(Last updated January 14, 2014)
Although I did photography as a kid using mostly point-and-shoot film cameras, it's only been since 2004 that I've really gotten into it, with digital SLRs.
As a sufficiently gadget-geek sort of pursuit, it deserves a page on my sitewith lists of things. I started with digital SLRs in late 2004 with a D70 kit that was a bit of a holiday present for myself, and it has
turned out to be quite the expensive hobby ever since. My usual subjects include landscapes, bugs, flowers, wildlife, and almost anything else that catches my eye.
I appreciate photography as a pursuit because of its smooth union of technology and art; I got into photography basically so I could capture Zen-like moments and landscapes.
Behold, the Nikon D800E... creme de la creme of today's landscape SLRs. I waited a long time to make the jump from crop sensor DX to full 35mm FX,
and I knew it was time when I saw this 36 megapixel, no-anti-alias-filter beauty announced in February 2012. It took me until July that year to actually find one,
no thanks to the long line at B&H, but my local Nikon supplier Cardinal Camera
came through in a pinch, right before my trip to Maine. The D800E is a great camera and just feels right and works well,
a nice return to the smaller pro level cameras like the D200 and D300 after a brief interlude with the ergonomically inferior but optically superior D7000.
The D800E isn't perfect -- mine may have the infamous focus issues on the left side, although they aren't major, and mine also does the locking-up-on-playback every now and then that can be annoying when it happens.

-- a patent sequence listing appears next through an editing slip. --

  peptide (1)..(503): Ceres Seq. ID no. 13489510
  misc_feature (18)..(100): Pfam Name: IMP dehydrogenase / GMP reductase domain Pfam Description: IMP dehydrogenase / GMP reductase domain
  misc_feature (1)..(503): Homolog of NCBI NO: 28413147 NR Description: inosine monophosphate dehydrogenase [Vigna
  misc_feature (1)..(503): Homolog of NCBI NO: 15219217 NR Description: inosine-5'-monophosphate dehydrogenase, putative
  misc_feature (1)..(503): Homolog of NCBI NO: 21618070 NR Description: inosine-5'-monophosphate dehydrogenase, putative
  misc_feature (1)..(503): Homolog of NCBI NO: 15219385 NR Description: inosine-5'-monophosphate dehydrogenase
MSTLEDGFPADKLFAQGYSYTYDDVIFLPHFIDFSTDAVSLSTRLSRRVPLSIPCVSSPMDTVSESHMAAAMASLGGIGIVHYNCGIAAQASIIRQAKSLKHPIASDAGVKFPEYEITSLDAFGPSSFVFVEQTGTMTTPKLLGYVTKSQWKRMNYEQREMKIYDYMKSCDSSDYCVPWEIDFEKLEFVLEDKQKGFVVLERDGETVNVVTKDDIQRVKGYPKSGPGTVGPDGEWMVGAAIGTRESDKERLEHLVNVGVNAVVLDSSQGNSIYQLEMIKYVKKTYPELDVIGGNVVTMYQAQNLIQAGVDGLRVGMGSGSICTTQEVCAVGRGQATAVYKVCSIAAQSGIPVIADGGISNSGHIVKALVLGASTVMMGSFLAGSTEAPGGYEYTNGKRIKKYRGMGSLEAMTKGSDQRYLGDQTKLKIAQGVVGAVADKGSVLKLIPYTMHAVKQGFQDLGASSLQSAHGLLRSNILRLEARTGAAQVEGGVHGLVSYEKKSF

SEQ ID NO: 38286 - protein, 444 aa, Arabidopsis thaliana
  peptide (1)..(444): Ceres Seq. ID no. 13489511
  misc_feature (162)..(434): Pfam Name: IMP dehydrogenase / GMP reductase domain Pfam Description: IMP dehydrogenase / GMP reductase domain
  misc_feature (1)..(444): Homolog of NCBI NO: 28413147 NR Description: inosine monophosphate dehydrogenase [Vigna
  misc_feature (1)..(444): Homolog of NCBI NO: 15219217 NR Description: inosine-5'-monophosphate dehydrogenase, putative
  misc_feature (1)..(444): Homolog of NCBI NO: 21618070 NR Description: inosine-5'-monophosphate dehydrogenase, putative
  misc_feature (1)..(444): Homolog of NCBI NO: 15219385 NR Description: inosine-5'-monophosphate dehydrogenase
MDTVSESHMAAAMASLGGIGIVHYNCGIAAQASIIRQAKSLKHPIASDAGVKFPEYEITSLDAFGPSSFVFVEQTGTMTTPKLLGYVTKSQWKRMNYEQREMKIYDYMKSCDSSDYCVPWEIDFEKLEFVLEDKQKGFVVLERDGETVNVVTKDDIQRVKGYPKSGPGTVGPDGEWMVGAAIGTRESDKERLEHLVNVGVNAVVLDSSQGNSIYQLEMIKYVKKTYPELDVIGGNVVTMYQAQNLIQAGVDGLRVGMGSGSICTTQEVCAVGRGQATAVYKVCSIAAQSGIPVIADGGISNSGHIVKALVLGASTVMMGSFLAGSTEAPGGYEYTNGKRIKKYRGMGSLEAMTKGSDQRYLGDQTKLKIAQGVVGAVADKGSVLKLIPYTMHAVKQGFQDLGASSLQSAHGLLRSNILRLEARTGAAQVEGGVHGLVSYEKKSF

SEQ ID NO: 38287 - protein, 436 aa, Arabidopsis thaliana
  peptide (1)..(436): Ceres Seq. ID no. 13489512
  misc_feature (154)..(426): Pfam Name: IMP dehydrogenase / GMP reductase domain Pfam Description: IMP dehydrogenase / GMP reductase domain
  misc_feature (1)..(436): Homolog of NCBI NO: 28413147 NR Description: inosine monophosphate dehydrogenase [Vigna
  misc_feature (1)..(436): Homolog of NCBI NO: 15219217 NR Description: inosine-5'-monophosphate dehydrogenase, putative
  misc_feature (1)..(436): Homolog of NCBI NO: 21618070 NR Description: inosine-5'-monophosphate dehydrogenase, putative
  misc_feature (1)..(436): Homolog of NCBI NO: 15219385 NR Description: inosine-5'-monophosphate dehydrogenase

I don't rely on either feature enough to worry about these issues too much. The D800E is also a big and somewhat heavy camera when it is combined with lenses that are good enough to get a lot out of its sensor.
I always use a Really Right Stuff or Kirk Photo L-bracket with my main DSLR (RRS for the D200, D300, and D7000, and Kirk for the D800E - because RRS didn't have any in stock at the time).
Of course I've gone through a pile of lenses since I innocently got into this digital photography thing with the D70 kit, almost all Nikkors.
I realize I have too many lenses, but what can I say -- I like the gear! Most of my DX lenses are gone, now, at least.
I've also sold off a number of lenses and other stuff in the continuing evolution of my personal kit (see below). What I've found is that I really don't want to do ordinary photography, so my ordinary lenses tend towards the eBay scrapheap,
other than one or two lighter-weight convenience lenses.
I have a love/hate relationship with the gear - I love the results of the big pro lenses, but hate the weight, cost, and being conspicuous as a photographer. For a while I was considering switching to a combination of really lightweight gear
(like maybe micro 4/3 mirrorless), while I waited for Nikon's flagship massive resolution camera. Then it came, and I realized that I preferred using it as much as possible. So much for going light and being inconspicuous!